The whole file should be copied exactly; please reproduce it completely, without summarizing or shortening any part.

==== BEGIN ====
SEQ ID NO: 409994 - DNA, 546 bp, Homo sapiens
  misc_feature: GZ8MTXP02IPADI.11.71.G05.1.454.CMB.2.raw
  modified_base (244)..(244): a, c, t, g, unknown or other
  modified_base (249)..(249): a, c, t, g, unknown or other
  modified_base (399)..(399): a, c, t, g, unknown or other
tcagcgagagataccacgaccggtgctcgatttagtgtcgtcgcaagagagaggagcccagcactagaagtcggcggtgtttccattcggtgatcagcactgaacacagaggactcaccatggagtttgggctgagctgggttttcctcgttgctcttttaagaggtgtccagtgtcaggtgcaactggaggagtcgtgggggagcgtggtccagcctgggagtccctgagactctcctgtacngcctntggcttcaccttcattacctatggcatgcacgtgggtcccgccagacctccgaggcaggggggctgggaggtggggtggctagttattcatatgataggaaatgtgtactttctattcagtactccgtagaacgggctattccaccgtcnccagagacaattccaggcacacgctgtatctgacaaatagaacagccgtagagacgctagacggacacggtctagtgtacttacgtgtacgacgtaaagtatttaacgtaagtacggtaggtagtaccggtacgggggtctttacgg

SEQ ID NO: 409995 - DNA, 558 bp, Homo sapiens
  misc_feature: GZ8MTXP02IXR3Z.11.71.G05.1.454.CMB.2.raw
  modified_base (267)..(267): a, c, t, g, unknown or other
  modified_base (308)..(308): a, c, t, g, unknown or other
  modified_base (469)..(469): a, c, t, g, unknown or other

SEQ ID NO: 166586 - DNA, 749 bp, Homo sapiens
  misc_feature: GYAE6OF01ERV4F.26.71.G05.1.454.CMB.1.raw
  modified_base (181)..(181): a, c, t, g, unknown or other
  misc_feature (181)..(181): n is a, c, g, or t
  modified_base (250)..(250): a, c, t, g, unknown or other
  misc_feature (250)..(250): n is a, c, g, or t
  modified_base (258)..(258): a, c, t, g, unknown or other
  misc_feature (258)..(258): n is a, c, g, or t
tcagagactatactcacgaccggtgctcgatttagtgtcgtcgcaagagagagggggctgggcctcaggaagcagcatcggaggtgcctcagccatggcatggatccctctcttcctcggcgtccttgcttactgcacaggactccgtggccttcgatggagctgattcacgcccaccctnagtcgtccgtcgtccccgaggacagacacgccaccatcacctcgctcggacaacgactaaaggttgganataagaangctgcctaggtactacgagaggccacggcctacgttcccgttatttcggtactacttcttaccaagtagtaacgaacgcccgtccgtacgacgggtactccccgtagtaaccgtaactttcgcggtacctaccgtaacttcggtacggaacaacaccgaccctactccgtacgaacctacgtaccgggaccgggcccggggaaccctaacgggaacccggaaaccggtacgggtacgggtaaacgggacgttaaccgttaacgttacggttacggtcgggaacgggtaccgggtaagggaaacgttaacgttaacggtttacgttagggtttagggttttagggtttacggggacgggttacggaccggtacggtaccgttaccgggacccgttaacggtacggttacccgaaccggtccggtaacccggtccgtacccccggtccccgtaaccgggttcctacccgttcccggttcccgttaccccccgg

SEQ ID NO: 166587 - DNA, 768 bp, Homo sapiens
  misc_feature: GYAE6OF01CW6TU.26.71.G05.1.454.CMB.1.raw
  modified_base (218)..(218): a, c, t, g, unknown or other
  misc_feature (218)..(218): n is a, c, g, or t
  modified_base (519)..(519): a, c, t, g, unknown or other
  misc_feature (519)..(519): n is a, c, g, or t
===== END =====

SEQ ID NO: 409994 - DNA, 546 bp, Homo sapiens
  misc_feature: GZ8MTXP02IPADI.11.71.G05.1.454.CMB.2.raw
  modified_base (244)..(244): a, c, t, g, unknown or other
  modified_base (249)..(249): a, c, t, g, unknown or other
  modified_base (399)..(399): a, c, t, g, unknown or other
tcagcgagagataccacgaccggtgctcgatttagtgtcgtcgcaagagagaggagcccagcactagaagtcggcggtgtttccattcggtgatcagcactgaacacagaggactcaccatggagtttgggctgagctgggttttcctcgttgctcttttaagaggtgtccagtgtcaggtgcaactggaggagtcgtgggggagcgtggtccagcctgggagtccctgagactctcctgtacngcctntggcttcaccttcattacctatggcatgcacgtgggtcccgccagacctccgaggcaggggggctgggaggtggggtggctagttattcatatgataggaaatgtgtactttctattcagtactccgtagaacgggctattccaccgtcnccagagacaattccaggcacacgctgtatctgacaaatagaacagccgtagagacgctagacggacacggtctagtgtacttacgtgtacgacgtaaagtatttaacgtaagtacggtaggtagtaccggtacgggggtctttacgg

SEQ ID NO: 409995 - DNA, 558 bp, Homo sapiens
  misc_feature: GZ8MTXP02IXR3Z.11.71.G05.1.454.CMB.2.raw
  modified_base (267)..(267): a, c, t, g, unknown or other
  modified_base (308)..(308): a, c, t, g, unknown or other
  modified_base (469)..(469): a, c, t, g, unknown or other

SEQ ID NO: 166586 - DNA, 749 bp, Homo sapiens
  misc_feature: GYAE6OF01ERV4F.26.71.G05.1.454.CMB.1.raw
  modified_base (181)..(181): a, c, t, g, unknown or other
  misc_feature (181)..(181): n is a, c, g, or t
  modified_base (250)..(250): a, c, t, g, unknown or other
  misc_feature (250)..(250): n is a, c, g, or t
  modified_base (258)..(258): a, c, t, g, unknown or other
  misc_feature (258)..(258): n is a, c, g, or t
tcagagactatactcacgaccggtgctcgatttagtgtcgtcgcaagagagagggggctgggcctcaggaagcagcatcggaggtgcctcagccatggcatggatccctctcttcctcggcgtccttgcttactgcacaggactccgtggccttcgatggagctgattcacgcccaccctnagtcgtccgtcgtccccgaggacagacacgccaccatcacctcgctcggacaacgactaaaggttgganataagaangctgcctaggtactacgagaggccacggcctacgttcccgttatttcggtactacttcttaccaagtagtaacgaacgcccgtccgtacgacgggtactccccgtagtaaccgtaactttcgcggtacctaccgtaacttcggtacggaacaacaccgaccctactccgtacgaacctacgtaccgggaccgggcccggggaaccctaacgggaacccggaaaccggtacgggtacgggtaaacgggacgttaaccgttaacgttacggttacggtcgggaacgggtaccgggtaagggaaacgttaacgttaacggtttacgttagggtttagggttttagggtttacggggacgggttacggaccggtacggtaccgttaccgggacccgttaacggtacggttacccgaaccggtccggtaacccggtccgtacccccggtccccgtaaccgggttcctacccgttcccggttcccgttaccccccgg

SEQ ID NO: 166587 - DNA, 768 bp, Homo sapiens
  misc_feature: GYAE6OF01CW6TU.26.71.G05.1.454.CMB.1.raw
  modified_base (218)..(218): a, c, t, g, unknown or other
  misc_feature (218)..(218): n is a, c, g, or t
  modified_base (519)..(519): a, c, t, g, unknown or other
  misc_feature (519)..(519): n is a, c, g, or t